University Medical Service (UMS)


Doctors and Nurses at the UMS specialise in student health, early diagnosis and intervention, and health promotion. Both male and female doctors are available and you can request a specific gender of your GP. The UMS is confidential and they will only discuss your health with others if you request them to do so: for example, to the University if you are too ill to study.

The UMS can help with:

  • When you are unwell
  • Your mental health
  • Tuberculosis (TB) screenings
  • Sexual health
  • Prescribing medication
  • Travel Health
  • Medical certificates and reports
  • Referring you to hospital

TB Screening
TB screenings are free at UMS and are required for all students and accompanying family, unless from Western Europe, UEA, Canada, Australia, or New Zealand. Screening is normally a questionnaire or possibly a skin test or x-ray. An appointment will be made when you register at UMS. 

UMS Contact Details
01603 251600 – for appointments/reception
01603 251601  - for general enquiries/secretaries

You can find more information on their services on the UMS website

Levels of Treatment


There are various levels of treatment within the NHS:  


  1. Read advice and articles on symptoms and illnesses on the Patient website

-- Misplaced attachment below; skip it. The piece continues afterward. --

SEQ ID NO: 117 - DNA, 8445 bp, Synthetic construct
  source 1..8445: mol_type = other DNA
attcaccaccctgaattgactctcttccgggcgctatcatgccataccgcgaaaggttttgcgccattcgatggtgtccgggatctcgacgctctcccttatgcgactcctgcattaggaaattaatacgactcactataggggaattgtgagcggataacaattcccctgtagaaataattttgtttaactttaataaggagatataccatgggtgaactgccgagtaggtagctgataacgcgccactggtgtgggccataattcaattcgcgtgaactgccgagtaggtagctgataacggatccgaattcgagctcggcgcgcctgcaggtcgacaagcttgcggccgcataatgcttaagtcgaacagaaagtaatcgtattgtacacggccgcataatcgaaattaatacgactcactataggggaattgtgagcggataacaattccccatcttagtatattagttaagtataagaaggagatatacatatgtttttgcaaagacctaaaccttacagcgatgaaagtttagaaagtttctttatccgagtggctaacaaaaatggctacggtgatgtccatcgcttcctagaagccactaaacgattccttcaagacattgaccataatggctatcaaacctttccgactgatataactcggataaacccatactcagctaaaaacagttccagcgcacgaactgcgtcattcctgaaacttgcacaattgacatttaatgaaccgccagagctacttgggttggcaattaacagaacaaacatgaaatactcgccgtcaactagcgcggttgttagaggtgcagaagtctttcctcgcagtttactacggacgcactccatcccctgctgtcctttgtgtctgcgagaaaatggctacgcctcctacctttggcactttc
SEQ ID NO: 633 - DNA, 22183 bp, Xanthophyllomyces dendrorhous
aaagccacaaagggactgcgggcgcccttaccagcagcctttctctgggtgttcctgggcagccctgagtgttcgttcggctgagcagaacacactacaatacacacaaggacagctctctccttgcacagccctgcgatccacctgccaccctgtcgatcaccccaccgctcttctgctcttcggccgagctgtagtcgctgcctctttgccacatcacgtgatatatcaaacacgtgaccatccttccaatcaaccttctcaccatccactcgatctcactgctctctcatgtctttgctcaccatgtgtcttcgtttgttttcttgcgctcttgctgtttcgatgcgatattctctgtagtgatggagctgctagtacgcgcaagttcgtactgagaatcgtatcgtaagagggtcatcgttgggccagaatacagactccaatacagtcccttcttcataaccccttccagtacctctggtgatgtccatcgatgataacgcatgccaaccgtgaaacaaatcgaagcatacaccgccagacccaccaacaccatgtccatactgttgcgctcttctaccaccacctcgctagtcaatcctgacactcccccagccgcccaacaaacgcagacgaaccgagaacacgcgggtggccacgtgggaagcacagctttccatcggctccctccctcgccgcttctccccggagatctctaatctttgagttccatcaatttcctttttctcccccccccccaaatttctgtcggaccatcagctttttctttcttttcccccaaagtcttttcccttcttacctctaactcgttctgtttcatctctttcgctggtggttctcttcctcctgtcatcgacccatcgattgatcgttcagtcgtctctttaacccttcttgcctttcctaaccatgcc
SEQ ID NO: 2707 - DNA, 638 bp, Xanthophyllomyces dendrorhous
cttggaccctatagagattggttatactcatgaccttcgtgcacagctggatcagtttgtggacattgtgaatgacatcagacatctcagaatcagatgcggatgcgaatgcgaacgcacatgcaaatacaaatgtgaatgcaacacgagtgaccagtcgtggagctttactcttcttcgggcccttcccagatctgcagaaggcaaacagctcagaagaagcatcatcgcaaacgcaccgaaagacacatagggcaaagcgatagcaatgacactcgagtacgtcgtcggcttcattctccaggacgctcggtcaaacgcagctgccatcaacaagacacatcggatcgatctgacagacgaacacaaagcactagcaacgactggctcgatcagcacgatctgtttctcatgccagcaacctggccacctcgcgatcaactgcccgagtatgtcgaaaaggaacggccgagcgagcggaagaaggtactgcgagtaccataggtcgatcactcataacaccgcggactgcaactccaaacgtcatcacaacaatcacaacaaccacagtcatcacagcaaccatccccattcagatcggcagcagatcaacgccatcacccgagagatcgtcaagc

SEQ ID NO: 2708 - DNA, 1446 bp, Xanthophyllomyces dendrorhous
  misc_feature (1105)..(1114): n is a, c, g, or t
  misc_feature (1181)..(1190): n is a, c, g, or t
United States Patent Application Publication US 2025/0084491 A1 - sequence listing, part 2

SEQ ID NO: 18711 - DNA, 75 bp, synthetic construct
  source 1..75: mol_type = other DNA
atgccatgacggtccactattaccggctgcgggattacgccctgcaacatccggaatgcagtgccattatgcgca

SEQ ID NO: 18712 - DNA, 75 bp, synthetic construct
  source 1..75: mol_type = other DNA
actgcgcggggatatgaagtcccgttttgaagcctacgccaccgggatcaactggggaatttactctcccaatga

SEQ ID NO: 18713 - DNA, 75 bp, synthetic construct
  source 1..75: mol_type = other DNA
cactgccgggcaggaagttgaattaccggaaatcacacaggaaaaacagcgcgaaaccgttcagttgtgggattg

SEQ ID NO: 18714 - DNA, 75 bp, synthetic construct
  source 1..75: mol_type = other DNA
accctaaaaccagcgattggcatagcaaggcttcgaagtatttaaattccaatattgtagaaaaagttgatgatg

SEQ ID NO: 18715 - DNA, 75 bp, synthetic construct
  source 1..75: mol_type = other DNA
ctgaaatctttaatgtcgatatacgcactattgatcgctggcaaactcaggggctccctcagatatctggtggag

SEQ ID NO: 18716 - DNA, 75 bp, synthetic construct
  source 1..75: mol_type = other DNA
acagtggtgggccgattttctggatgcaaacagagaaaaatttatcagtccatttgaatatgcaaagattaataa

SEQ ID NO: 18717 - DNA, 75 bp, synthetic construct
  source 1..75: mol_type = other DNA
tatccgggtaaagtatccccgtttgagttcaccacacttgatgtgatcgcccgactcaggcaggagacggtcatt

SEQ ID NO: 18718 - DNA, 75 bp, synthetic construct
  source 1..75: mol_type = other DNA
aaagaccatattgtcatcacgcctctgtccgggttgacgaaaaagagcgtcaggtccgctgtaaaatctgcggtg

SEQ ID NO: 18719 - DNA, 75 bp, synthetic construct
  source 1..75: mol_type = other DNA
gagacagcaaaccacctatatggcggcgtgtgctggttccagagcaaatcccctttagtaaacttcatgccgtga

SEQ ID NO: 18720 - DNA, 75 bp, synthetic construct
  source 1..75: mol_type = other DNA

2. Visit your local pharmacy and pharmacist – there’s a Boots on campus at UMS, or Hurn Chemist on Unthank Road 
  3. Book an appointment with your GP or Nurse at the UMS – these range from 10 minute appointments with a doctor or a nurse, urgent doctor appointments (walk in and wait for urgent medical problems), nurse clinics, and a Treatment Room nurse
  4. Call 111 – the out of hours and non-emergency phone service  
  5. Visit the NHS Walk-in centre - Rouen House, Rouen Rd, Norwich, NR1 1RB
  6. In an emergency, go to A&E or call 999

Coverage on the NHS and Medical Insurance


Coverage on the NHS

Visa for 6 months and longer
International students applying for a Student visa for courses longer than 6 months are required to pay a healthcare charge called the ‘Immigration Health Surcharge’ (IHS) as part of their visa application. Paying this charge will allow you to access the NHS. You can find further information on the IHS on the Gov UK webpage.

Medical Insurance

Visas for Less Than 6 Months or Not Covered Under the IHS 

If you are coming to study in the UK for less than 6 months or you have not been covered under the Immigration Health Surcharge (IHS), you cannot access the NHS free of charge. This includes anyone on a Visitor visa.